It is the only question that haunts most parents nowadays. It is also a much debated topic. As technology moves through our lives continuously and rapidly, most parents wonder how much access children and young people should have to devices and devices. Increasing screen time among children has triggered various theories and studies.
As more and more kids get their hands on smartphones and tablets, researchers are busy investigating the effects of these devices on a child's brain and behavior.
In a report recently published in the BMJ Open Medical JournalResearchers indicated that screen time may not be as dangerous for children as parents originally thought. A strong but relieved statement to make, however, the story is a little more complicated than that.
Is a lot of screen time a bad thing?
Leaders in Children's Medicine The Royal College of Paediatrics and Child Health or RCPCH, have produced a guide for under 18s and their use of screen time. In short, the guide states that there is no good evidence that too much time in front of a screen is excessively toxic.
Previous studies have indicated a potential correlation between increased screen use and obesity and depression. However, the RCPCH refutes these claims, believing that the evidence does not fully support this hypothesis.
Led by the president of RCPCH, Prof. Russell Viner, the team did not focus on restricting screen time, but rather that devices prevented children from participating in other "real world" activities. Guide researchers have argued that smart device should not replace sleep, exercise and time with family.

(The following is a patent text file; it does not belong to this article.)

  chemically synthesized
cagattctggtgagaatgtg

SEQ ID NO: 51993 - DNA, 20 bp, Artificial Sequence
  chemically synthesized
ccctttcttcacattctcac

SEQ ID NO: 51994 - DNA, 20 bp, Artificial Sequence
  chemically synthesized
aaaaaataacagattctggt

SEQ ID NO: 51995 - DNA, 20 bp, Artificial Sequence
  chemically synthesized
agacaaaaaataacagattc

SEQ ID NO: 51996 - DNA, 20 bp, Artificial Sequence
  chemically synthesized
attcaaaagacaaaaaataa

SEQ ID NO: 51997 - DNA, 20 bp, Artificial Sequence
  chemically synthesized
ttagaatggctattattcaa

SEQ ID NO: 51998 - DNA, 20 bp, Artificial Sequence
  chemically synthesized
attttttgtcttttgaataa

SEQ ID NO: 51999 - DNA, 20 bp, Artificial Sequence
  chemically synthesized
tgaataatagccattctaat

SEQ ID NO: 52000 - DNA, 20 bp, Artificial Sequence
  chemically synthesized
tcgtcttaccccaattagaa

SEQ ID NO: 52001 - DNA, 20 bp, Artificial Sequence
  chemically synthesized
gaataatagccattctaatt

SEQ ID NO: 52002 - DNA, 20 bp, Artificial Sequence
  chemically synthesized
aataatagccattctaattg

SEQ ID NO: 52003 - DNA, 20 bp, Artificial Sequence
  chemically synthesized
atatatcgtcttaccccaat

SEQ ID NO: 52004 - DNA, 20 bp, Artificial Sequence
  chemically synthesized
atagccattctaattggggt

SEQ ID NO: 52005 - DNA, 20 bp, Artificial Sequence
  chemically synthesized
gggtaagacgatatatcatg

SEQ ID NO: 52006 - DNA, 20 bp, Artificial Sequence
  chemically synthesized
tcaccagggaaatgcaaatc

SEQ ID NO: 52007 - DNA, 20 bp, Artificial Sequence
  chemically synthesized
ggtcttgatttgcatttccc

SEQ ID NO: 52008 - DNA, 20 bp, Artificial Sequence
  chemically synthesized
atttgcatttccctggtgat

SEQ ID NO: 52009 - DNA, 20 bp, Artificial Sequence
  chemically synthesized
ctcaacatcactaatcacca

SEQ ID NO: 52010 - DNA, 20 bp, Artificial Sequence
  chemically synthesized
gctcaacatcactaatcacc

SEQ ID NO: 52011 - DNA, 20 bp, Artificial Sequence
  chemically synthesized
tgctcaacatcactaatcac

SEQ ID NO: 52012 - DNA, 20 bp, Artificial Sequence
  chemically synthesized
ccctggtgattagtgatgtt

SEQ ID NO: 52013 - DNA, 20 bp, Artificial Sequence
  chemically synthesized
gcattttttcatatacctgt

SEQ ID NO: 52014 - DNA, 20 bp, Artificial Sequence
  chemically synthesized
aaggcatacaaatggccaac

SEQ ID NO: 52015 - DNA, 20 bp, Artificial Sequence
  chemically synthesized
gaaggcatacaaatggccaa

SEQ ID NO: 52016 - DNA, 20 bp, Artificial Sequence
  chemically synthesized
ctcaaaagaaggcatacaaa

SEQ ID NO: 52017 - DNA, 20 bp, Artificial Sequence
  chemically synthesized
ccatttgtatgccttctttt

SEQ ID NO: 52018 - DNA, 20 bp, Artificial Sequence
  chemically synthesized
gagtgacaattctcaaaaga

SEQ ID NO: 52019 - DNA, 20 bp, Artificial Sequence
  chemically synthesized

Further, the devices should not be used an hour before bedtime, because the observed effects on sleep patterns. Excessive screen time can also worsen the poor habits in children, according to the study.
However, the study's lead as an official for health promotion for RCPCH, Dr. Max Davie argues that phones and tablets are actually a "great way to explore the world."
Dr. Max Davie wants to remove negative stigma or even guilt from parents by allowing their children to spend a lot of time on the devices. "We want to stop it and say" in fact, if you're okay and answered those questions (below) and you're happy, live and live your life and stop worrying, " say Davie.
O RCPCH provided a list of questions you should ask yourself to help you decide if you actually want to restrict your child's screen time.
- Is your family's screen time under control?
- Does the use of the screen interfere with what your family wants to do?
- Does the use of the screen interfere with sleep?
- Are you able to control snacks during screen time?
What do you think about limiting the time children spend on devices? Do you believe it has harmful effects?